because you suggest that this method is archaic,
the concept of an expert (master) is nonsense,
that there is no such thing as "transmission"
(what that word means is yet to be defined here)
and one is better off with no teacher at all.

Now, you say too many abuse the "master" position.
That's quite an accusation.
So, How many?

So far, you've only brought up Eido Shimano.
That's 1.

Likewise, I provided a link to a statement concerning sexual misconduct in Zen Sanghas
which referred to a case involving Joshu Sasaki:
http://www.nytimes.com/2013/02/12/world ... =all&_r=1&
which is what also inspired the first post in this thread, by Ren Jender.

So far, that makes 2.
Ren Jender also mentions Chogyam Trungpa
So, you can count that as 3 if you want to.

So, How many is too many?
Of course, 1 is 1 too many.
But that doesn't mean the problem is prevalent.
Considering that it makes headlines when it does happen
perhaps it is quite rare.

How many "Zen masters" are there in the world?
How many "master-pupil" or "teacher-student" arrangements are there in the world?

You mentioned Jonestown, but I don't think we can count that in with Buddhism.

And even though you are only familiar with Zen,
if the problem is indeed rooted in the master-pupil relationship, as you assert,
then it really should be commonplace not only in more Zen sanghas,
but in some form or another, any place where a Buddhist teacher has students.
There should be a lot.
You have expressed all sorts of reasons why you think the master-pupil arrangement is bad
but you still haven't made a case for the assertion
that this arrangement itself is the source of the problem of sexual abuse.

If you make statements such as "too many abuse the "master" position"
please back this up with some data.
.
.
.
Profile Picture: "The Foaming Monk"
The Chinese characters are Fo (buddha) and Ming (bright). The image is of a student of Buddhism, who, imagining himself to be a monk, and not understanding the true meaning of the words takes the sound of the words literally. Likewise, People on web forums sometime seem to be foaming at the mouth.
Original painting by P.Volker /used by permission.
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Re: Article on Sexual Abuse & Harassment in Buddhist Communi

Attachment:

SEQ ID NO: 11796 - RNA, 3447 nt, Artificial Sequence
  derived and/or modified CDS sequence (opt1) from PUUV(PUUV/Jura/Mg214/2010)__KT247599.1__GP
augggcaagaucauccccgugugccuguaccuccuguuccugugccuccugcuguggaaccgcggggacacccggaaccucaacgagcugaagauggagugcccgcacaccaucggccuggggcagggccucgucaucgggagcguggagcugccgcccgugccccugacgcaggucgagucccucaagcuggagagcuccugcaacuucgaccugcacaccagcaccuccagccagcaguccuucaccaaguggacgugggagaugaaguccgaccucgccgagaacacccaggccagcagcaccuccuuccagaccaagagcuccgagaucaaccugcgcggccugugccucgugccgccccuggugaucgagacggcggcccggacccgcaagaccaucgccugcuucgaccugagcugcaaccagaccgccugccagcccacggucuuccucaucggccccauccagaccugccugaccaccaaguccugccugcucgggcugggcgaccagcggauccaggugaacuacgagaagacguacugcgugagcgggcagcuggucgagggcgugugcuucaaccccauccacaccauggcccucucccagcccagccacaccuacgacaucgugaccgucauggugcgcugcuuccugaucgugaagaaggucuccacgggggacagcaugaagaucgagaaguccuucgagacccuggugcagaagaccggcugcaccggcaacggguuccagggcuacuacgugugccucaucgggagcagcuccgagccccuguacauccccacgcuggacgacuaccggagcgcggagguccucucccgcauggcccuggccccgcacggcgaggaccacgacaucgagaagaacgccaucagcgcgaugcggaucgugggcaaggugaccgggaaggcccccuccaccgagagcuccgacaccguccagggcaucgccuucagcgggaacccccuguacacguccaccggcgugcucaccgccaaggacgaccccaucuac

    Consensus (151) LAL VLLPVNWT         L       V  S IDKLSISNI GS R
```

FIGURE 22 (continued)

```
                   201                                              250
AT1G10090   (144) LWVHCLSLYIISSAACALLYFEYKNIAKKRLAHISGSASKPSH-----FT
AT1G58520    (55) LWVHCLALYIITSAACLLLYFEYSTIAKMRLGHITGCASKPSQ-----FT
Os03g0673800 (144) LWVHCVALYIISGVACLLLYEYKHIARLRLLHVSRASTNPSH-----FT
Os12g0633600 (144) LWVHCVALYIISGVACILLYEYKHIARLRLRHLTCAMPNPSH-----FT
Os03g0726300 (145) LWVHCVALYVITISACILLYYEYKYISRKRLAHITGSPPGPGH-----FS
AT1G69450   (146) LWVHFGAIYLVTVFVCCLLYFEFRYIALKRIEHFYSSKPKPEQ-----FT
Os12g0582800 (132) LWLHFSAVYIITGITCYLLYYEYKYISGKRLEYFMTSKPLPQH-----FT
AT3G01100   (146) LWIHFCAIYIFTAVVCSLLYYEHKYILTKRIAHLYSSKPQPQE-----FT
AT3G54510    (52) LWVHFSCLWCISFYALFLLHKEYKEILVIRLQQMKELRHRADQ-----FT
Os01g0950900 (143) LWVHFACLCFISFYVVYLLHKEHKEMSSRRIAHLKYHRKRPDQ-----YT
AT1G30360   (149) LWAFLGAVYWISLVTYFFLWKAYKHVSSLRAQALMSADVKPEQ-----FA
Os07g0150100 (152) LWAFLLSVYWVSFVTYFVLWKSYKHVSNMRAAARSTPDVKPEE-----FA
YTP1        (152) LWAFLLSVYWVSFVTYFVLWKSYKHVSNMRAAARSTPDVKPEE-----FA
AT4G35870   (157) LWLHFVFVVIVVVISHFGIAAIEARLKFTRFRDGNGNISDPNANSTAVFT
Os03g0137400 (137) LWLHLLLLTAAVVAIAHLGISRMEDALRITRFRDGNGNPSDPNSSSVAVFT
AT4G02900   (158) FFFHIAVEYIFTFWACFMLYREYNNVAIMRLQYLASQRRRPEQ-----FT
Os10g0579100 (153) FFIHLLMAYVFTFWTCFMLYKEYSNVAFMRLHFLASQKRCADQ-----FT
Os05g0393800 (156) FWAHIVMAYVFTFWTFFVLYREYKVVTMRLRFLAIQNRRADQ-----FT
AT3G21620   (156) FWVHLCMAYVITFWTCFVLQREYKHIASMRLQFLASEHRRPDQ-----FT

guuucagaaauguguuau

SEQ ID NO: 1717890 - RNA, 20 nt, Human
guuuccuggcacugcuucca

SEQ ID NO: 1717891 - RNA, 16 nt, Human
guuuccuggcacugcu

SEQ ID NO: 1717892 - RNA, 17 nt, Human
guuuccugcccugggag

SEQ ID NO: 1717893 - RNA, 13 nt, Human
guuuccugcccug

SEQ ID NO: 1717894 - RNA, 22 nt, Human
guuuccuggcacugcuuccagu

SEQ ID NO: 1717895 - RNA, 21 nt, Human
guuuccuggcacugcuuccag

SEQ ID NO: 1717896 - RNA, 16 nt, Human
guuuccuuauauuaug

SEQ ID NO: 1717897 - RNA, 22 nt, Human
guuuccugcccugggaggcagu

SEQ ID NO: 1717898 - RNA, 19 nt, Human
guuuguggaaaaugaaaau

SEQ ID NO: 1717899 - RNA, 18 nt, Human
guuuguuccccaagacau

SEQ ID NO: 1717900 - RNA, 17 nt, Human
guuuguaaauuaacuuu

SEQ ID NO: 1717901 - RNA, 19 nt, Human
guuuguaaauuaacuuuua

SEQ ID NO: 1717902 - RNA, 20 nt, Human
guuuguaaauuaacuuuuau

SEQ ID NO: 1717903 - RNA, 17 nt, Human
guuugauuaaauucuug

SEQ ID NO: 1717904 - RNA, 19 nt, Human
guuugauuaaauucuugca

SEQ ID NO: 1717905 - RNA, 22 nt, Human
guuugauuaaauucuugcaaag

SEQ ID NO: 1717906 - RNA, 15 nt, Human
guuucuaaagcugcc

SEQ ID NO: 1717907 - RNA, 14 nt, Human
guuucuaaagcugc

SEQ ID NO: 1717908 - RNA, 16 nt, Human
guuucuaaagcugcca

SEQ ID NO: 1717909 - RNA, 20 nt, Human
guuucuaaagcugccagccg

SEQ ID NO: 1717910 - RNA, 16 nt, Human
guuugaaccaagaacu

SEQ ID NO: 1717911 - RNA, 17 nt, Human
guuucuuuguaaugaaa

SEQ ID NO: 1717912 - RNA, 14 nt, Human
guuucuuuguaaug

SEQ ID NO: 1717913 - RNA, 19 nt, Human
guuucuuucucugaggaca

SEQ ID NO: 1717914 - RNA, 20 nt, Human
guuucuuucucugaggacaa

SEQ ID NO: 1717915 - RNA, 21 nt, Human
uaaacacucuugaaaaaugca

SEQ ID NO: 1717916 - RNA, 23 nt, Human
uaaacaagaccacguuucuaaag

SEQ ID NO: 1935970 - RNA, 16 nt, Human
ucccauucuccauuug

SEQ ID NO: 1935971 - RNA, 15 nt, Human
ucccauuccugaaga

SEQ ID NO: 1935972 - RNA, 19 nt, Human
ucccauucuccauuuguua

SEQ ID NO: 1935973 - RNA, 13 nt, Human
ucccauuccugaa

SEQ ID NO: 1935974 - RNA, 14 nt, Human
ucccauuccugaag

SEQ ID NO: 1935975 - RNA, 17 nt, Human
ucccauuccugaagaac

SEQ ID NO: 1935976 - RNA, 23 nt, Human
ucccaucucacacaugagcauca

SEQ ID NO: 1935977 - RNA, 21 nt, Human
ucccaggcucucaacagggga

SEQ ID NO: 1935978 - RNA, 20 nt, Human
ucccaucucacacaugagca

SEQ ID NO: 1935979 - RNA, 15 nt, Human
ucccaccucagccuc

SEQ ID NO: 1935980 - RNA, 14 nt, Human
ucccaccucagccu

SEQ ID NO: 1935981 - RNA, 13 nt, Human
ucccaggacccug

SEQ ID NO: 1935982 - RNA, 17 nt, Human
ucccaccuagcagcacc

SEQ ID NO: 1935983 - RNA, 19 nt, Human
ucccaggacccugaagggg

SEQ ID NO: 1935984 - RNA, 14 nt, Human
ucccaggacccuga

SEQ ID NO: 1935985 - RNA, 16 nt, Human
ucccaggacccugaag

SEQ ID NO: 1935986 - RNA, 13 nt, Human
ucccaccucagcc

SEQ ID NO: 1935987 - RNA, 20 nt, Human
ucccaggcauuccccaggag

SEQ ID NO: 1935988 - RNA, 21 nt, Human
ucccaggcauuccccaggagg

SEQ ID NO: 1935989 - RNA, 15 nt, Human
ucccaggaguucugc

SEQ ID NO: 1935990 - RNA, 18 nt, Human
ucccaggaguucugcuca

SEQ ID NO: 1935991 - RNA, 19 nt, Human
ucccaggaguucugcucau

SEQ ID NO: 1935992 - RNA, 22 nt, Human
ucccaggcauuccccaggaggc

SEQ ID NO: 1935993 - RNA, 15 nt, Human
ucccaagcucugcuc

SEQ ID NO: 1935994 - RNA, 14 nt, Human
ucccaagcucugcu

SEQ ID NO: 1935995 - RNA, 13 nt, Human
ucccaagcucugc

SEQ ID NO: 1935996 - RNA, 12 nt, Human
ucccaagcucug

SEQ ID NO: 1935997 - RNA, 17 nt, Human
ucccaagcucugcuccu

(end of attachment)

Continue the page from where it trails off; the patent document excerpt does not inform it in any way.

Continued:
Postby shel » Thu Mar 28, 2013 6:04 am

PadmaVonSamba wrote:
shel wrote: Because too many abuse the "master" position


Really? How many?

Yes, it happens. I am not sweeping that fact under the rug.

Cool.

My only argument with you is in pinpointing the cause.
You say it's rooted in the master-pupil relationship itself,
because you suggest that this method is archaic,

It may have been suitable to it's time, I don't know. What I do know is that the paradigm of the "Zen master" is in the very least no longer necessary. At worst it is toxic in this day and age.

the concept of an expert (master) is nonsense,

I said that Zen masters are a myth. I didn't say that the concept is nonsense. I don't regard unicorns, for instance, as nonsense. The concept or purpose of unicorns makes sense to me. Myths have a purpose. But myths can outlive their time and usefulness.

that there is no such thing as "transmission"
(what that word means is yet to be defined here)

Zen mastery has yet to be defined also. Perhaps a good topic for another thread.

and one is better off with no teacher at all.

I did not say that. In fact I've explicitly expressed the opinion that there is nothing inherently wrong with teacher-student relationships. How could there be?

Now, you say too many abuse the "master" position.
That's quite an accusation.

Lol, have you ever heard the expression that 'power corrupts', Padma? Why in hell would a "Zen master" be immune to corruption? Please, I'd really like to know. Aren't they "only human"?